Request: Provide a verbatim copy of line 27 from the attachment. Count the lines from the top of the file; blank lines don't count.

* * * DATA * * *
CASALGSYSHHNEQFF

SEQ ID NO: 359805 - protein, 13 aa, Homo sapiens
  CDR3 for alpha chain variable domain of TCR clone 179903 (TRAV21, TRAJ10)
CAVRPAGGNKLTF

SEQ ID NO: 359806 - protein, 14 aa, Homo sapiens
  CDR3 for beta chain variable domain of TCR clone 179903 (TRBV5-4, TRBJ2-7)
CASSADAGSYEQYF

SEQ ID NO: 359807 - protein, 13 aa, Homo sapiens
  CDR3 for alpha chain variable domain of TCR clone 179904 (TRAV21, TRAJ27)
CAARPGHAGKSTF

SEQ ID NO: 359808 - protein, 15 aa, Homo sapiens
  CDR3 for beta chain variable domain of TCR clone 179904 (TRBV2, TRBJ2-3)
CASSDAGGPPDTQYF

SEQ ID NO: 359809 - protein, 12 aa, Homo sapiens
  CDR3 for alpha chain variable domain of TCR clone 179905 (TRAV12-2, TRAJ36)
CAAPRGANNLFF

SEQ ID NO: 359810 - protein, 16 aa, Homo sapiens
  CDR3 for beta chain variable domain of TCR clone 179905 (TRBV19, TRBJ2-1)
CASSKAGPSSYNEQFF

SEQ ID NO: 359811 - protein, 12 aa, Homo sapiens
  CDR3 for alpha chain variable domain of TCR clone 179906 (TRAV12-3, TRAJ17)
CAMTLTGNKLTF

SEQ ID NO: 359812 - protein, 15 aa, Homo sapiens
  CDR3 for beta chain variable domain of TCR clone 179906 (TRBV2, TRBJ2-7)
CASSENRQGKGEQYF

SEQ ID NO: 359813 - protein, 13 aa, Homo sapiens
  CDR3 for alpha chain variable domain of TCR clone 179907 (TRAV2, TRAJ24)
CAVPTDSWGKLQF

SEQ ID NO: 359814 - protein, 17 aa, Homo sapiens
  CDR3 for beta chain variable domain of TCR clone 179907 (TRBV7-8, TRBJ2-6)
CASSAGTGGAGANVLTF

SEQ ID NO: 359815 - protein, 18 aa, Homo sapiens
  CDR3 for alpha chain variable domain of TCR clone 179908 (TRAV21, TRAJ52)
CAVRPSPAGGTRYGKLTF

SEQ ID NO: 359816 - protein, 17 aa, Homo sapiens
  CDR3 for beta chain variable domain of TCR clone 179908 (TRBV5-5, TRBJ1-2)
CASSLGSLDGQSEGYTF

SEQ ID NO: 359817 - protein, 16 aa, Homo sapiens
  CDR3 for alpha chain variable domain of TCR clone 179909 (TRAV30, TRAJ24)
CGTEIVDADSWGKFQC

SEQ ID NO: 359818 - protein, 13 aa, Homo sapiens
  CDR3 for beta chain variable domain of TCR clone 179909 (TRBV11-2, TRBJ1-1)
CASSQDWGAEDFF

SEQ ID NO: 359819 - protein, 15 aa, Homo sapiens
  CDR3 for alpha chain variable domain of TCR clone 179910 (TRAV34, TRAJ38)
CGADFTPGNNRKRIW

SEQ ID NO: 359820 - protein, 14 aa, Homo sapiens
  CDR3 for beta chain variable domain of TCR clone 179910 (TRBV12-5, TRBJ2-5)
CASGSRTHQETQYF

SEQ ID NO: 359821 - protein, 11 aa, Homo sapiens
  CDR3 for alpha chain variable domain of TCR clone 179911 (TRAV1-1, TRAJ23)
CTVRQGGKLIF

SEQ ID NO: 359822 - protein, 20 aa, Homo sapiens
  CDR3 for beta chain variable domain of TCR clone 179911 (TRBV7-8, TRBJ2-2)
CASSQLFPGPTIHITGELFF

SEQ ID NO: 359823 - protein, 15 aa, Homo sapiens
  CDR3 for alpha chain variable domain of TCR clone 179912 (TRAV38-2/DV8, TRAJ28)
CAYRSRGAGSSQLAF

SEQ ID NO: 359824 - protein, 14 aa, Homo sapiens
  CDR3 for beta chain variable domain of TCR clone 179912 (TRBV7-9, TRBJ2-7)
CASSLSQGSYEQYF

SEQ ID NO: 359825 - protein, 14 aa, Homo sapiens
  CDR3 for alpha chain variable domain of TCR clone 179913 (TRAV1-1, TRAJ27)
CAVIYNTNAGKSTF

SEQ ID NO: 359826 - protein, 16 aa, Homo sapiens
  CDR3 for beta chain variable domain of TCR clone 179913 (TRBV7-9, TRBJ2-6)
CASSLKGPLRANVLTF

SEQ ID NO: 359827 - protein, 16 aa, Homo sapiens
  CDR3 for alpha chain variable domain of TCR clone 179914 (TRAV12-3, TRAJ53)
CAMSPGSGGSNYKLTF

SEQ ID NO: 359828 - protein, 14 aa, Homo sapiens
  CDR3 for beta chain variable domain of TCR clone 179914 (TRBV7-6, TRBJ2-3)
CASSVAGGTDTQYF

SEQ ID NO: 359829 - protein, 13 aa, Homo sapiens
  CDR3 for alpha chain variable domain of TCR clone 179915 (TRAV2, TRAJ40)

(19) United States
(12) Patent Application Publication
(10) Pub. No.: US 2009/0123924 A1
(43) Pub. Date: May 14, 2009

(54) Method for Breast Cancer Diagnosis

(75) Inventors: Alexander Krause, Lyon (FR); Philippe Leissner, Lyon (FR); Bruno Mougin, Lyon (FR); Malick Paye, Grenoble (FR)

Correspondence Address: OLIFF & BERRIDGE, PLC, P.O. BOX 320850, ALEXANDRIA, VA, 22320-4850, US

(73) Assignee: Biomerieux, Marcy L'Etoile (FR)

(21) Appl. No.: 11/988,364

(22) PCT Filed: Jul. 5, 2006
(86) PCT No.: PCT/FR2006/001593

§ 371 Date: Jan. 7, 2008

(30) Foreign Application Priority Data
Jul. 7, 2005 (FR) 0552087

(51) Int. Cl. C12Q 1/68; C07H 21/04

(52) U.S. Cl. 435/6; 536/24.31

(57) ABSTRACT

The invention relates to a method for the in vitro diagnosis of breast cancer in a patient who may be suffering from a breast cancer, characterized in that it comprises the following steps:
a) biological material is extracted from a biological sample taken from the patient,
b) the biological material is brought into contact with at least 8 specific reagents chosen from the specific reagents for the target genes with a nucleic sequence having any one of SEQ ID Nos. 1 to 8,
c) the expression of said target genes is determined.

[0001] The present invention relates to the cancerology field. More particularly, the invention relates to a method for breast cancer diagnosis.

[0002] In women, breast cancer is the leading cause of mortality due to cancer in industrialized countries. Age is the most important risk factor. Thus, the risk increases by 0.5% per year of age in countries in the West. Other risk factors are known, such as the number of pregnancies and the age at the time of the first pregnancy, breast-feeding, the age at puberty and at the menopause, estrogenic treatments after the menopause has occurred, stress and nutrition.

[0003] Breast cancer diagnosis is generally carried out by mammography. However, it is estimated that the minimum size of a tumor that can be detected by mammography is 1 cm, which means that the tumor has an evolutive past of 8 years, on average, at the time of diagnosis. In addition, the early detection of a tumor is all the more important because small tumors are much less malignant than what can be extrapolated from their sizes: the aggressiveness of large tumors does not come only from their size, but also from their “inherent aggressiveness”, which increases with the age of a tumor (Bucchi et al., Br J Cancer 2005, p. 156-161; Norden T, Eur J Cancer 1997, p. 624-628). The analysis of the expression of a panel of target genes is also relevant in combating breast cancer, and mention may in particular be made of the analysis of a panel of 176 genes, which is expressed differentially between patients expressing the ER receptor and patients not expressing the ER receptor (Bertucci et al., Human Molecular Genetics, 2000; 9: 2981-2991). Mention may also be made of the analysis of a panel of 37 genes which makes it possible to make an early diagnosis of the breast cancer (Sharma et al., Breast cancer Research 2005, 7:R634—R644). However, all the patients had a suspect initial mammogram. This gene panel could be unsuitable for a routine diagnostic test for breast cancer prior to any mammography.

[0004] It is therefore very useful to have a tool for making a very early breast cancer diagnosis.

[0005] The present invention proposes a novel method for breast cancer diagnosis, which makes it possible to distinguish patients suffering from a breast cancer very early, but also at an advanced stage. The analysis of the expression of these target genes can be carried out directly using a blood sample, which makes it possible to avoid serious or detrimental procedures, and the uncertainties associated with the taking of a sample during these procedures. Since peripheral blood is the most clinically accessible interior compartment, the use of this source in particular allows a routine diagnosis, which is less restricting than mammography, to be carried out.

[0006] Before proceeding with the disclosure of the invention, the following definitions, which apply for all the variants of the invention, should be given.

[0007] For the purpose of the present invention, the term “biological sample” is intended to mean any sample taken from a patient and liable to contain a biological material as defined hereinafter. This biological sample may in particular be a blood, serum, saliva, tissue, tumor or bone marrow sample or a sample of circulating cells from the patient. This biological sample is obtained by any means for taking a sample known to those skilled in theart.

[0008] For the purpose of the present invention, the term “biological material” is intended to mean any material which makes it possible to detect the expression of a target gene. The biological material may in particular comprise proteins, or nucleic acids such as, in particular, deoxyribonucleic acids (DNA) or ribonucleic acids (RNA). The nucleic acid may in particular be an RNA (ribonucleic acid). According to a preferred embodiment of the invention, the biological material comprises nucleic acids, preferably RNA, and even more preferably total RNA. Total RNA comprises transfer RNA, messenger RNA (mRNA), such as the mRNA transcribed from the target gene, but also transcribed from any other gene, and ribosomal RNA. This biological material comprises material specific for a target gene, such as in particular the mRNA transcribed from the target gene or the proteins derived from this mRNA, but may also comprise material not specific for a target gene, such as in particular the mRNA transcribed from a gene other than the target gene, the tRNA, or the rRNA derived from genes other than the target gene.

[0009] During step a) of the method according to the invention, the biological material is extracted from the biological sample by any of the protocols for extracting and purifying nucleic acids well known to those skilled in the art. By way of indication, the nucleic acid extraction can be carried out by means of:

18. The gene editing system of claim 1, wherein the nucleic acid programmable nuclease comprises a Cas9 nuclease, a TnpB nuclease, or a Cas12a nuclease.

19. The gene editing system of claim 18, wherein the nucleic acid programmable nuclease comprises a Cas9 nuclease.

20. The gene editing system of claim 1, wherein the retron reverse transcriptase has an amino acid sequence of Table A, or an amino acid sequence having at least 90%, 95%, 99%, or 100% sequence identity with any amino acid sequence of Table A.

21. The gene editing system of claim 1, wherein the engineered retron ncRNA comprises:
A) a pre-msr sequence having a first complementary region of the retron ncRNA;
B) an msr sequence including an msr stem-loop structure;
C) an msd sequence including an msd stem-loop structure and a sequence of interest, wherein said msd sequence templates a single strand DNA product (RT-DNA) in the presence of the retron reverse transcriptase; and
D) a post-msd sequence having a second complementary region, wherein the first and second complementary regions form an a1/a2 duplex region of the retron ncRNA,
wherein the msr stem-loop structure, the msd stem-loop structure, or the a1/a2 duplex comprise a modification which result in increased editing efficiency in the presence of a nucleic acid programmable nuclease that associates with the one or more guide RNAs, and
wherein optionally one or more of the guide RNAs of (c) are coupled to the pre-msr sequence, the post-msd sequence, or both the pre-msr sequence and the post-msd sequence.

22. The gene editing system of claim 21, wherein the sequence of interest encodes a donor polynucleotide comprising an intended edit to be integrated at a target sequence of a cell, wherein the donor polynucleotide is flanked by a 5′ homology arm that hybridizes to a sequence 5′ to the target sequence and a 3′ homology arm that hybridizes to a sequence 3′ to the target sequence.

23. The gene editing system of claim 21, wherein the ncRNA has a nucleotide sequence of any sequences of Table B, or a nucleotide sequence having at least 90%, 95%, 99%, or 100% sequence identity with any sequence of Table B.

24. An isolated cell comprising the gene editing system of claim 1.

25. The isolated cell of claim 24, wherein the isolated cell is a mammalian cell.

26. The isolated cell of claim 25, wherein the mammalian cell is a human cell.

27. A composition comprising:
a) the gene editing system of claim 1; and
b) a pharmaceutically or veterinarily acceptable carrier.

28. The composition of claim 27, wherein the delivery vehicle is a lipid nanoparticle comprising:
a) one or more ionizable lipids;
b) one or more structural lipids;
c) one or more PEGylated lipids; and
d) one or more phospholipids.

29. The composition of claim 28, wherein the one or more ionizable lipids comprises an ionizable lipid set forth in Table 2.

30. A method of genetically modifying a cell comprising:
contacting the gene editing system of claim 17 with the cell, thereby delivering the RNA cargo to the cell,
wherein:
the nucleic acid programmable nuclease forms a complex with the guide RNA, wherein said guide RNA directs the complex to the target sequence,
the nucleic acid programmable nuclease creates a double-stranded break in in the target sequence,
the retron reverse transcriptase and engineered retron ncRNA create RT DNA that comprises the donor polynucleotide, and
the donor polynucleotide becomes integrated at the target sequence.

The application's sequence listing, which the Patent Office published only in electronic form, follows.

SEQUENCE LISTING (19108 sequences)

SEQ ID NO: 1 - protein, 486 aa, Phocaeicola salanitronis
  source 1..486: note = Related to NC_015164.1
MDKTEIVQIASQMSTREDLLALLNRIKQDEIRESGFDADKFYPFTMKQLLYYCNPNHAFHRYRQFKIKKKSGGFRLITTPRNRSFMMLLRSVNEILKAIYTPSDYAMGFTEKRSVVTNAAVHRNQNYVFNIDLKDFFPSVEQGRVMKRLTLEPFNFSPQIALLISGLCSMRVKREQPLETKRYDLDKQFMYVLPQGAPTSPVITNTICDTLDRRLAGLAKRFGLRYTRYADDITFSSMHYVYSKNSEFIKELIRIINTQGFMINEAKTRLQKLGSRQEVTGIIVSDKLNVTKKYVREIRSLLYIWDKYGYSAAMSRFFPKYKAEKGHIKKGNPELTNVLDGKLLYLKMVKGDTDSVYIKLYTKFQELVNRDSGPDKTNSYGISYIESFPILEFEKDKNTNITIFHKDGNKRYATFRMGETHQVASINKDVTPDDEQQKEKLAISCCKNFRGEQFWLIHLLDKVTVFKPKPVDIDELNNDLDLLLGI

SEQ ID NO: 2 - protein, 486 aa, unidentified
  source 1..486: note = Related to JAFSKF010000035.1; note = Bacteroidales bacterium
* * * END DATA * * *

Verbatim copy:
  CDR3 for alpha chain variable domain of TCR clone 179907 (TRAV2, TRAJ24)